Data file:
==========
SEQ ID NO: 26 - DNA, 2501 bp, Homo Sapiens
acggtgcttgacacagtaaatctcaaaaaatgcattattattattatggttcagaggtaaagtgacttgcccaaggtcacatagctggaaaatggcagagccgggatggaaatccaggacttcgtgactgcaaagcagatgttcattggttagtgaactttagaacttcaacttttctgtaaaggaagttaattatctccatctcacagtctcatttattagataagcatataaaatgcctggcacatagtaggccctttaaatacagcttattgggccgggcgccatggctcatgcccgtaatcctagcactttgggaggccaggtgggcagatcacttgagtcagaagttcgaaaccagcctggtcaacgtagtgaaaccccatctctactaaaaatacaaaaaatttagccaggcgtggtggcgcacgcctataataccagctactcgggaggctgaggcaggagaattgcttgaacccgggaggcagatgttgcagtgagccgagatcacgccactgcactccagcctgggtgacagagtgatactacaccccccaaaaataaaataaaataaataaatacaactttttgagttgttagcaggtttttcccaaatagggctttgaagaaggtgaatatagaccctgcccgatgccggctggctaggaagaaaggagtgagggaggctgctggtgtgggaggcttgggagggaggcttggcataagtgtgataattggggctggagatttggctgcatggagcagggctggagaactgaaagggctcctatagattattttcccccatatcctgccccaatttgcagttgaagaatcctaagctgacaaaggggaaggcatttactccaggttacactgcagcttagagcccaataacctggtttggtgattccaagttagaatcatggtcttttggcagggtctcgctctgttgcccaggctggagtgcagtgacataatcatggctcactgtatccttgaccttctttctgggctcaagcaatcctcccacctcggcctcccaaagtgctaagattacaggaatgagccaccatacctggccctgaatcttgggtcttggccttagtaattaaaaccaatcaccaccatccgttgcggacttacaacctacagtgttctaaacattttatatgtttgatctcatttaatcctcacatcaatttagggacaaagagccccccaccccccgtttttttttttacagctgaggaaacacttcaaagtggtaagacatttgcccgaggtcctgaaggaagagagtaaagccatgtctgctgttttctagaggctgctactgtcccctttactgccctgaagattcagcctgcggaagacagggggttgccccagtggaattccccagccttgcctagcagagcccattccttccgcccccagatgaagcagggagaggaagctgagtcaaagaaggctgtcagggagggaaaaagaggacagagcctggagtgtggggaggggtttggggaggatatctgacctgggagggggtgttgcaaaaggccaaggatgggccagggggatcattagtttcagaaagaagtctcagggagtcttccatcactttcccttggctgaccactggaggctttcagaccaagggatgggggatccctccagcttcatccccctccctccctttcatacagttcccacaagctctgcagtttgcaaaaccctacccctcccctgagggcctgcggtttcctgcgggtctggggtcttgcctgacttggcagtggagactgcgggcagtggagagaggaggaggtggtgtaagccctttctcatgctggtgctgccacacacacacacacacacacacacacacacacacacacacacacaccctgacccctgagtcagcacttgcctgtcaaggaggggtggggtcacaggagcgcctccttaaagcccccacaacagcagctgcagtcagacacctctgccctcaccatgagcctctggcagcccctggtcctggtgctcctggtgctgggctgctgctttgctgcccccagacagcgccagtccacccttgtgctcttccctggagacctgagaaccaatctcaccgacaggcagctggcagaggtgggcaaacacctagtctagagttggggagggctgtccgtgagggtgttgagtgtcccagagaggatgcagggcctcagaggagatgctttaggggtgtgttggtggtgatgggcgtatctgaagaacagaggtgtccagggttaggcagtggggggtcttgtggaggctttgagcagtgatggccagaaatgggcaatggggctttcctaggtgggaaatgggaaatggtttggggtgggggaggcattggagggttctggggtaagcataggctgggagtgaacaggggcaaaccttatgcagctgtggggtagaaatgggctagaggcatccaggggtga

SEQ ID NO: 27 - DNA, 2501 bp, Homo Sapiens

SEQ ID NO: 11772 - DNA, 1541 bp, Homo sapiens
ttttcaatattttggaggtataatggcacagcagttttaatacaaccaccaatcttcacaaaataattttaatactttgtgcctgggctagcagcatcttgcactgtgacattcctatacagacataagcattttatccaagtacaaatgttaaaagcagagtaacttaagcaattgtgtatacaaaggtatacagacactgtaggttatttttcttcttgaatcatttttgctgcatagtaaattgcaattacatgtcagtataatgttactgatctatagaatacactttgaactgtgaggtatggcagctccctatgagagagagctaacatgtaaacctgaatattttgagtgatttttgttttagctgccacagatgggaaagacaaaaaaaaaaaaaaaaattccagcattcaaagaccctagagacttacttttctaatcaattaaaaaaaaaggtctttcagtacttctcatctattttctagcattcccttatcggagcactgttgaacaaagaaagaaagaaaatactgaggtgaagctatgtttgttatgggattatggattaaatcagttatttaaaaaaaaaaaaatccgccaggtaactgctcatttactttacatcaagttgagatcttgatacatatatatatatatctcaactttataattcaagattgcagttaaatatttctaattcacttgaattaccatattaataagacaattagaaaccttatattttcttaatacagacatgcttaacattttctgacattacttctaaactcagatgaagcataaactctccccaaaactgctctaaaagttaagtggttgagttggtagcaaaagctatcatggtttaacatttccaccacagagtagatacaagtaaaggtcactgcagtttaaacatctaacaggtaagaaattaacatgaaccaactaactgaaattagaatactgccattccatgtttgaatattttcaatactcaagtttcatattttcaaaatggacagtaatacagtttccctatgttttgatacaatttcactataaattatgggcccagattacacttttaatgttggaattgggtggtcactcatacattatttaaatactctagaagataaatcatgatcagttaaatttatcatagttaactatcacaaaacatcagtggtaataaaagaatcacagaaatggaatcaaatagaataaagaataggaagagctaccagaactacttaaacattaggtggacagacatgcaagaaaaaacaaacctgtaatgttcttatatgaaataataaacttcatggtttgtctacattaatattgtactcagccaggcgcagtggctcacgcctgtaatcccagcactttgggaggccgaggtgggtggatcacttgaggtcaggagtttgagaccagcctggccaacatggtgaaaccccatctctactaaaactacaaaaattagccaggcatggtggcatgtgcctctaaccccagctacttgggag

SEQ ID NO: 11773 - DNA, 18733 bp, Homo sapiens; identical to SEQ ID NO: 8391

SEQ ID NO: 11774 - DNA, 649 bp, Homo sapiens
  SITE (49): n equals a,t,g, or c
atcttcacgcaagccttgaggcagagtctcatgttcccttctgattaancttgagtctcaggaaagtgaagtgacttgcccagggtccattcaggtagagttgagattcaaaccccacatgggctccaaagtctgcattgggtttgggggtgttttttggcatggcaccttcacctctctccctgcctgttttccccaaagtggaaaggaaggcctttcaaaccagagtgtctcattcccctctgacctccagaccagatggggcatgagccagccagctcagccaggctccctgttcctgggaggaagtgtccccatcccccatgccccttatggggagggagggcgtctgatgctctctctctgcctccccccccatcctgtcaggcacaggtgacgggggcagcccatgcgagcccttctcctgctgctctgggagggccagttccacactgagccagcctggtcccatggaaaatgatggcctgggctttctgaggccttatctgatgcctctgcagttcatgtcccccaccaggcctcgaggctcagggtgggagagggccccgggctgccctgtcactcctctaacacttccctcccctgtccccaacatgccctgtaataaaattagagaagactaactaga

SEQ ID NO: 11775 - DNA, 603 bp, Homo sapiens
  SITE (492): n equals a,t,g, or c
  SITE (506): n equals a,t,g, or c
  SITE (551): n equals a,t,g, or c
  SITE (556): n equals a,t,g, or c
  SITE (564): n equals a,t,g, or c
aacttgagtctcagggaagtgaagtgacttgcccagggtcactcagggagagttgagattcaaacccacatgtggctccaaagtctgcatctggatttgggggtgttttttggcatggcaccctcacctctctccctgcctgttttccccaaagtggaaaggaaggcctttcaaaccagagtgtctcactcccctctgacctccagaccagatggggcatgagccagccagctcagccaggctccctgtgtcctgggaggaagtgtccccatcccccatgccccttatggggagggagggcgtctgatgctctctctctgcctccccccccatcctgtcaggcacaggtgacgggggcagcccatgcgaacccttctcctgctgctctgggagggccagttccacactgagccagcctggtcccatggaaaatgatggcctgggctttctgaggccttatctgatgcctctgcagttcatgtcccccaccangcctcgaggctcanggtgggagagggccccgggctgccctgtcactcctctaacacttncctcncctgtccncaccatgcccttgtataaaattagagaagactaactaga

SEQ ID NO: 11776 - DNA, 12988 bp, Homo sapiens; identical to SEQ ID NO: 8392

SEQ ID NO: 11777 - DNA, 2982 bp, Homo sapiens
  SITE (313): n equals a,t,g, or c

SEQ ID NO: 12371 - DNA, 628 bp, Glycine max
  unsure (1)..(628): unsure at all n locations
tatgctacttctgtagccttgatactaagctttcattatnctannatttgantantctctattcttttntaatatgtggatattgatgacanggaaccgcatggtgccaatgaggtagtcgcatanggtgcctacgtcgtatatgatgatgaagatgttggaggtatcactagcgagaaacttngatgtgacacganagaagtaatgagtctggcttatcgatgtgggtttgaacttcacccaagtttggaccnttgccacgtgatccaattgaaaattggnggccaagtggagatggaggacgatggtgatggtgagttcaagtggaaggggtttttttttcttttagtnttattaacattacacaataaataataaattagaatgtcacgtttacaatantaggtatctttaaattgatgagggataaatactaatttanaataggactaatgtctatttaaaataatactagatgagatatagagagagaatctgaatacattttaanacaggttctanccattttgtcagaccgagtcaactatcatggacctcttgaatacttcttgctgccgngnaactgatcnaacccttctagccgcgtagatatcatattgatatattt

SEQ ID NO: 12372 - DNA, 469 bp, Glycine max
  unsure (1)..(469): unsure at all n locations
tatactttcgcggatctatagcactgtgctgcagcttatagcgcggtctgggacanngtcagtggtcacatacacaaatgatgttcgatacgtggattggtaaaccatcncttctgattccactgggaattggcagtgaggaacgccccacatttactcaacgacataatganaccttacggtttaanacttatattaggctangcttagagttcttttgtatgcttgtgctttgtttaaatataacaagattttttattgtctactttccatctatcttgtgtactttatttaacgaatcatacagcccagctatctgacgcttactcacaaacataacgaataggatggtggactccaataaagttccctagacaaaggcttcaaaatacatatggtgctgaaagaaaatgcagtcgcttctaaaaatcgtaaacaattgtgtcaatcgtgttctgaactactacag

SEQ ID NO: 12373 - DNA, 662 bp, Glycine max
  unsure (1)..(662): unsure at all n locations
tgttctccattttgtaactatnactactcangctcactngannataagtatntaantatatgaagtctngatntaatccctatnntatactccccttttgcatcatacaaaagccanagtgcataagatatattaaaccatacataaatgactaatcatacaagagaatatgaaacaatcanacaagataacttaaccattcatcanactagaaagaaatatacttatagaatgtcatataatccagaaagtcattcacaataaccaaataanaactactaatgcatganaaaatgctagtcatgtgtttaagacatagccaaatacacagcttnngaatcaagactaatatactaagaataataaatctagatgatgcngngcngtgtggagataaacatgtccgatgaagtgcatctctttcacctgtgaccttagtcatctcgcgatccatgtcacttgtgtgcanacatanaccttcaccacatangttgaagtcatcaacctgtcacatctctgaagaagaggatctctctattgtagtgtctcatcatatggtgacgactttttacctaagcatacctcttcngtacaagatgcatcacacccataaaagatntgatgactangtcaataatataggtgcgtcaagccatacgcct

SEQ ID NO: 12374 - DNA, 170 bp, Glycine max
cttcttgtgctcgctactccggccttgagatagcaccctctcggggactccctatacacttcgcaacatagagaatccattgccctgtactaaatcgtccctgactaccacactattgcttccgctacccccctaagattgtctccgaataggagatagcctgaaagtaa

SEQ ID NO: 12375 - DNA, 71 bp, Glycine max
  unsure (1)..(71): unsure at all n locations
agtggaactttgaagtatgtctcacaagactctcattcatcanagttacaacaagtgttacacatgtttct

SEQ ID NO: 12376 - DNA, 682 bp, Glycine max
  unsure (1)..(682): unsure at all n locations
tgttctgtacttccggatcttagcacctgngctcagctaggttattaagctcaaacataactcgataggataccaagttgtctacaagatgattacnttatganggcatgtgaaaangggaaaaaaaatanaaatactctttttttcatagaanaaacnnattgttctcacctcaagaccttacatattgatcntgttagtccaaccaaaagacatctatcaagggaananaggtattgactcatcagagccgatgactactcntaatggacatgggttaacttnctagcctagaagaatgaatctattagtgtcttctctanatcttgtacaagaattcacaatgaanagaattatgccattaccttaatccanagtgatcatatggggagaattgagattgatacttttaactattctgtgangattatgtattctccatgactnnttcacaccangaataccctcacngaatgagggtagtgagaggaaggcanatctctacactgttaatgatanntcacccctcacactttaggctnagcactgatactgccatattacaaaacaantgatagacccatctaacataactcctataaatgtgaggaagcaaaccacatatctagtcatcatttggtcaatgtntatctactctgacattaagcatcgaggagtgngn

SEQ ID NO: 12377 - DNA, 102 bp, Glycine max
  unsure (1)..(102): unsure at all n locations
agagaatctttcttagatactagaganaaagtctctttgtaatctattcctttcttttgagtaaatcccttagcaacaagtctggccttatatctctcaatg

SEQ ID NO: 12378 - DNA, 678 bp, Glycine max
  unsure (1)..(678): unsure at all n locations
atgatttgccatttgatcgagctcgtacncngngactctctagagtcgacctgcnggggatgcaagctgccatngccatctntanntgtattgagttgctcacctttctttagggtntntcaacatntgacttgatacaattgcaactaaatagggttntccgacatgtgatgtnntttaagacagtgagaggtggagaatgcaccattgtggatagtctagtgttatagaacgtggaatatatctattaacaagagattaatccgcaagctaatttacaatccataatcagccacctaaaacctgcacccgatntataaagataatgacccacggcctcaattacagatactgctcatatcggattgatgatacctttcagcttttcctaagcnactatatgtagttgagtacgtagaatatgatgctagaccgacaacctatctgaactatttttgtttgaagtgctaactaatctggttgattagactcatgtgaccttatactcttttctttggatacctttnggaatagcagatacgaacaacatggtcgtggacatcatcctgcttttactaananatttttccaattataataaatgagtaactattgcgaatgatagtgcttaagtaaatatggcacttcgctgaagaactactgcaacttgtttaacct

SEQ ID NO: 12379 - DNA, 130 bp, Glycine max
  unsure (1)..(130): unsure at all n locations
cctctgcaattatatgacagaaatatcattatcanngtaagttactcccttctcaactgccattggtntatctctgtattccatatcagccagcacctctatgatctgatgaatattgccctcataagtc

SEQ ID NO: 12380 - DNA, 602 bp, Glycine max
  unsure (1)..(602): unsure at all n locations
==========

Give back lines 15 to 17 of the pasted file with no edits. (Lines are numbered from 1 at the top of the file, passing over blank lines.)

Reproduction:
  SITE (564): n equals a,t,g, or c
aacttgagtctcagggaagtgaagtgacttgcccagggtcactcagggagagttgagattcaaacccacatgtggctccaaagtctgcatctggatttgggggtgttttttggcatggcaccctcacctctctccctgcctgttttccccaaagtggaaaggaaggcctttcaaaccagagtgtctcactcccctctgacctccagaccagatggggcatgagccagccagctcagccaggctccctgtgtcctgggaggaagtgtccccatcccccatgccccttatggggagggagggcgtctgatgctctctctctgcctccccccccatcctgtcaggcacaggtgacgggggcagcccatgcgaacccttctcctgctgctctgggagggccagttccacactgagccagcctggtcccatggaaaatgatggcctgggctttctgaggccttatctgatgcctctgcagttcatgtcccccaccangcctcgaggctcanggtgggagagggccccgggctgccctgtcactcctctaacacttncctcncctgtccncaccatgcccttgtataaaattagagaagactaactaga

SEQ ID NO: 11776 - DNA, 12988 bp, Homo sapiens; identical to SEQ ID NO: 8392